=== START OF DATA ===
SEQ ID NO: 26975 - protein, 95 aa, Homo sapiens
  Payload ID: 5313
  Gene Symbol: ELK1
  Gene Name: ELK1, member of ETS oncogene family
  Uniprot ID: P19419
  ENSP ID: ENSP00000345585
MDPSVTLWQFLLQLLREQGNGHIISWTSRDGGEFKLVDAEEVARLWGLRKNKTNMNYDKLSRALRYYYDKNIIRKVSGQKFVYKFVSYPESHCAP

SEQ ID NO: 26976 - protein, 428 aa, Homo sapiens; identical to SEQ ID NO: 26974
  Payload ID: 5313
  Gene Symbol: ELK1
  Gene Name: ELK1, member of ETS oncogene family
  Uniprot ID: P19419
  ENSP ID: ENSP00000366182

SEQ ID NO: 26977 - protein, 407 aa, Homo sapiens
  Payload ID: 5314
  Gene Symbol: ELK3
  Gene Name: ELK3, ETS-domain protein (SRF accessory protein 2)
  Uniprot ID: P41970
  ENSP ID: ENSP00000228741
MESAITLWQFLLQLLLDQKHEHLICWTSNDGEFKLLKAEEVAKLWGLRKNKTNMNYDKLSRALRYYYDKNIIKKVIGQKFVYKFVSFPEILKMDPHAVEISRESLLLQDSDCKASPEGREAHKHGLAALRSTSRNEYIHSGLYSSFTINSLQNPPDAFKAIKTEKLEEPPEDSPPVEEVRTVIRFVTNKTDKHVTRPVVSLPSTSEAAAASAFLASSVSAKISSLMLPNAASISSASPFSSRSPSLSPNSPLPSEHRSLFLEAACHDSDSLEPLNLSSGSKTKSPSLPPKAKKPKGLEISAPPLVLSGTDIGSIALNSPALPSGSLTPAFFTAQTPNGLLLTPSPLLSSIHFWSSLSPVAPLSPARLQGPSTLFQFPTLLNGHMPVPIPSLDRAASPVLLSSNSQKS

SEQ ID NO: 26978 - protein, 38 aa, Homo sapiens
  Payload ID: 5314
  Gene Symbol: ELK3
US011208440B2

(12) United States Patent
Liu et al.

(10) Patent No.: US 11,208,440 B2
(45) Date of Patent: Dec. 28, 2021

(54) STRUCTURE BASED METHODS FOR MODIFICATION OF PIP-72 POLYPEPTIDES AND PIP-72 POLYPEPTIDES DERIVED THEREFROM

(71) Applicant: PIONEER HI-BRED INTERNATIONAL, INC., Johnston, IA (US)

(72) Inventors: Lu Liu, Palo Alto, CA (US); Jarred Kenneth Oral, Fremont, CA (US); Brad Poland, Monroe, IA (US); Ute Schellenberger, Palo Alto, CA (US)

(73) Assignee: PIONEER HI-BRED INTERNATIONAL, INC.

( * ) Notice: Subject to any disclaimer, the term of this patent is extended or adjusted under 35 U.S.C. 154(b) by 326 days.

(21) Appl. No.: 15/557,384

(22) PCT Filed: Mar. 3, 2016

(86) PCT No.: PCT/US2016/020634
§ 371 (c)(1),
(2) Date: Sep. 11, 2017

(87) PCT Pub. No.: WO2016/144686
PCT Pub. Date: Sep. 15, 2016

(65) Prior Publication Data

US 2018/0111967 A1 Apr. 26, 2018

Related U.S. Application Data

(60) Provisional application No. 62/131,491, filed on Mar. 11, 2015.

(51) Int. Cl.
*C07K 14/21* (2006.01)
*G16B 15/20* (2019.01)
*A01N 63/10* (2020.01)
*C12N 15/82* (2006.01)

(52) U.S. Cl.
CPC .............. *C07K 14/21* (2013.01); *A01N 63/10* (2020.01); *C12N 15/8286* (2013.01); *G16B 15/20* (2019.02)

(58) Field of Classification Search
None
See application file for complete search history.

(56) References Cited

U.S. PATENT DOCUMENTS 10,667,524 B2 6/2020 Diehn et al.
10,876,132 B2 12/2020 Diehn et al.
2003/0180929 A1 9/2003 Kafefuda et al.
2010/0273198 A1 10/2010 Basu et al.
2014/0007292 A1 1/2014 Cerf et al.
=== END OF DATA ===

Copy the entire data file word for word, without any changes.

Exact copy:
SEQ ID NO: 26975 - protein, 95 aa, Homo sapiens
  Payload ID: 5313
  Gene Symbol: ELK1
  Gene Name: ELK1, member of ETS oncogene family
  Uniprot ID: P19419
  ENSP ID: ENSP00000345585
MDPSVTLWQFLLQLLREQGNGHIISWTSRDGGEFKLVDAEEVARLWGLRKNKTNMNYDKLSRALRYYYDKNIIRKVSGQKFVYKFVSYPESHCAP

SEQ ID NO: 26976 - protein, 428 aa, Homo sapiens; identical to SEQ ID NO: 26974
  Payload ID: 5313
  Gene Symbol: ELK1
  Gene Name: ELK1, member of ETS oncogene family
  Uniprot ID: P19419
  ENSP ID: ENSP00000366182

SEQ ID NO: 26977 - protein, 407 aa, Homo sapiens
  Payload ID: 5314
  Gene Symbol: ELK3
  Gene Name: ELK3, ETS-domain protein (SRF accessory protein 2)
  Uniprot ID: P41970
  ENSP ID: ENSP00000228741
MESAITLWQFLLQLLLDQKHEHLICWTSNDGEFKLLKAEEVAKLWGLRKNKTNMNYDKLSRALRYYYDKNIIKKVIGQKFVYKFVSFPEILKMDPHAVEISRESLLLQDSDCKASPEGREAHKHGLAALRSTSRNEYIHSGLYSSFTINSLQNPPDAFKAIKTEKLEEPPEDSPPVEEVRTVIRFVTNKTDKHVTRPVVSLPSTSEAAAASAFLASSVSAKISSLMLPNAASISSASPFSSRSPSLSPNSPLPSEHRSLFLEAACHDSDSLEPLNLSSGSKTKSPSLPPKAKKPKGLEISAPPLVLSGTDIGSIALNSPALPSGSLTPAFFTAQTPNGLLLTPSPLLSSIHFWSSLSPVAPLSPARLQGPSTLFQFPTLLNGHMPVPIPSLDRAASPVLLSSNSQKS

SEQ ID NO: 26978 - protein, 38 aa, Homo sapiens
  Payload ID: 5314
  Gene Symbol: ELK3
US011208440B2

(12) United States Patent
Liu et al.

(10) Patent No.: US 11,208,440 B2
(45) Date of Patent: Dec. 28, 2021

(54) STRUCTURE BASED METHODS FOR MODIFICATION OF PIP-72 POLYPEPTIDES AND PIP-72 POLYPEPTIDES DERIVED THEREFROM

(71) Applicant: PIONEER HI-BRED INTERNATIONAL, INC., Johnston, IA (US)

(72) Inventors: Lu Liu, Palo Alto, CA (US); Jarred Kenneth Oral, Fremont, CA (US); Brad Poland, Monroe, IA (US); Ute Schellenberger, Palo Alto, CA (US)

(73) Assignee: PIONEER HI-BRED INTERNATIONAL, INC.

( * ) Notice: Subject to any disclaimer, the term of this patent is extended or adjusted under 35 U.S.C. 154(b) by 326 days.

(21) Appl. No.: 15/557,384

(22) PCT Filed: Mar. 3, 2016

(86) PCT No.: PCT/US2016/020634
§ 371 (c)(1),
(2) Date: Sep. 11, 2017

(87) PCT Pub. No.: WO2016/144686
PCT Pub. Date: Sep. 15, 2016

(65) Prior Publication Data

US 2018/0111967 A1 Apr. 26, 2018

Related U.S. Application Data

(60) Provisional application No. 62/131,491, filed on Mar. 11, 2015.

(51) Int. Cl.
*C07K 14/21* (2006.01)
*G16B 15/20* (2019.01)
*A01N 63/10* (2020.01)
*C12N 15/82* (2006.01)

(52) U.S. Cl.
CPC .............. *C07K 14/21* (2013.01); *A01N 63/10* (2020.01); *C12N 15/8286* (2013.01); *G16B 15/20* (2019.02)

(58) Field of Classification Search
None
See application file for complete search history.

(56) References Cited

U.S. PATENT DOCUMENTS 10,667,524 B2 6/2020 Diehn et al.
10,876,132 B2 12/2020 Diehn et al.
2003/0180929 A1 9/2003 Kafefuda et al.
2010/0273198 A1 10/2010 Basu et al.
2014/0007292 A1 1/2014 Cerf et al.